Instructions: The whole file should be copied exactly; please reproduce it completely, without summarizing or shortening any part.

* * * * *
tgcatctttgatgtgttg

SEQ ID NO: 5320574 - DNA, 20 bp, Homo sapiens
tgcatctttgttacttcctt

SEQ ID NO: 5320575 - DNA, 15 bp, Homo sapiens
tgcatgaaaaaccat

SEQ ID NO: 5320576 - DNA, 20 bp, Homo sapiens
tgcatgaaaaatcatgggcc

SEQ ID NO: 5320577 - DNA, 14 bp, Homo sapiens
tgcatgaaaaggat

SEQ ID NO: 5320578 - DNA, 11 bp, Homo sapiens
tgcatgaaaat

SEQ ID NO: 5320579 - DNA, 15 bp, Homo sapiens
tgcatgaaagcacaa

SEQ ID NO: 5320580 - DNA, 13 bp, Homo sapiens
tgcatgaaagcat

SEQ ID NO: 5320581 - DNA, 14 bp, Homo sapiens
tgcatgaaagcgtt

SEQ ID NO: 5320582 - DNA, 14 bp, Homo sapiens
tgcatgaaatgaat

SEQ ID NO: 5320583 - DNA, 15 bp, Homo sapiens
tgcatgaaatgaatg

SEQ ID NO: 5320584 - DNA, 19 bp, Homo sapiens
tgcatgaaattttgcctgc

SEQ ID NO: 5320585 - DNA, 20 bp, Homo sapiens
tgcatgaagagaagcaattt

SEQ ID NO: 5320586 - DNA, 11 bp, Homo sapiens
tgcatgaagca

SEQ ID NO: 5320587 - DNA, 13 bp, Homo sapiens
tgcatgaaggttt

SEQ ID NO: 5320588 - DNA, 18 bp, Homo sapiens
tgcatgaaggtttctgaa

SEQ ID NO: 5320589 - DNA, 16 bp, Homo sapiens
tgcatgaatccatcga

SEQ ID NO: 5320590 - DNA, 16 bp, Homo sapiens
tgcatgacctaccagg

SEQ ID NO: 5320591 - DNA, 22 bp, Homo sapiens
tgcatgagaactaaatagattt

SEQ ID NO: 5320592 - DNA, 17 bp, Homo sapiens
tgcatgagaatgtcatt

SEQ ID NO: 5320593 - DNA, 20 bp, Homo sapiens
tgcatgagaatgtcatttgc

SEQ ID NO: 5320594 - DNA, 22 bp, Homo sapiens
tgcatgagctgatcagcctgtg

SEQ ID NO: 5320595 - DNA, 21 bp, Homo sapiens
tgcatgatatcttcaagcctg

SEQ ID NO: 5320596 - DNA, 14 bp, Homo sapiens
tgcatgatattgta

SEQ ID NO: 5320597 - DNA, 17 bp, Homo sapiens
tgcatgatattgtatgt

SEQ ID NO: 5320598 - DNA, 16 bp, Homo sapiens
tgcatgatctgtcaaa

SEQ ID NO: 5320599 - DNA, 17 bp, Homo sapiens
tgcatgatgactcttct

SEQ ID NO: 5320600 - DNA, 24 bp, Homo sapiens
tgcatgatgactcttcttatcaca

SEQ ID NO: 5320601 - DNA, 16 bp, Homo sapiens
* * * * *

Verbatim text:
tgcatctttgatgtgttg

SEQ ID NO: 5320574 - DNA, 20 bp, Homo sapiens
tgcatctttgttacttcctt

SEQ ID NO: 5320575 - DNA, 15 bp, Homo sapiens
tgcatgaaaaaccat

SEQ ID NO: 5320576 - DNA, 20 bp, Homo sapiens
tgcatgaaaaatcatgggcc

SEQ ID NO: 5320577 - DNA, 14 bp, Homo sapiens
tgcatgaaaaggat

SEQ ID NO: 5320578 - DNA, 11 bp, Homo sapiens
tgcatgaaaat

SEQ ID NO: 5320579 - DNA, 15 bp, Homo sapiens
tgcatgaaagcacaa

SEQ ID NO: 5320580 - DNA, 13 bp, Homo sapiens
tgcatgaaagcat

SEQ ID NO: 5320581 - DNA, 14 bp, Homo sapiens
tgcatgaaagcgtt

SEQ ID NO: 5320582 - DNA, 14 bp, Homo sapiens
tgcatgaaatgaat

SEQ ID NO: 5320583 - DNA, 15 bp, Homo sapiens
tgcatgaaatgaatg

SEQ ID NO: 5320584 - DNA, 19 bp, Homo sapiens
tgcatgaaattttgcctgc

SEQ ID NO: 5320585 - DNA, 20 bp, Homo sapiens
tgcatgaagagaagcaattt

SEQ ID NO: 5320586 - DNA, 11 bp, Homo sapiens
tgcatgaagca

SEQ ID NO: 5320587 - DNA, 13 bp, Homo sapiens
tgcatgaaggttt

SEQ ID NO: 5320588 - DNA, 18 bp, Homo sapiens
tgcatgaaggtttctgaa

SEQ ID NO: 5320589 - DNA, 16 bp, Homo sapiens
tgcatgaatccatcga

SEQ ID NO: 5320590 - DNA, 16 bp, Homo sapiens
tgcatgacctaccagg

SEQ ID NO: 5320591 - DNA, 22 bp, Homo sapiens
tgcatgagaactaaatagattt

SEQ ID NO: 5320592 - DNA, 17 bp, Homo sapiens
tgcatgagaatgtcatt

SEQ ID NO: 5320593 - DNA, 20 bp, Homo sapiens
tgcatgagaatgtcatttgc

SEQ ID NO: 5320594 - DNA, 22 bp, Homo sapiens
tgcatgagctgatcagcctgtg

SEQ ID NO: 5320595 - DNA, 21 bp, Homo sapiens
tgcatgatatcttcaagcctg

SEQ ID NO: 5320596 - DNA, 14 bp, Homo sapiens
tgcatgatattgta

SEQ ID NO: 5320597 - DNA, 17 bp, Homo sapiens
tgcatgatattgtatgt

SEQ ID NO: 5320598 - DNA, 16 bp, Homo sapiens
tgcatgatctgtcaaa

SEQ ID NO: 5320599 - DNA, 17 bp, Homo sapiens
tgcatgatgactcttct

SEQ ID NO: 5320600 - DNA, 24 bp, Homo sapiens
tgcatgatgactcttcttatcaca

SEQ ID NO: 5320601 - DNA, 16 bp, Homo sapiens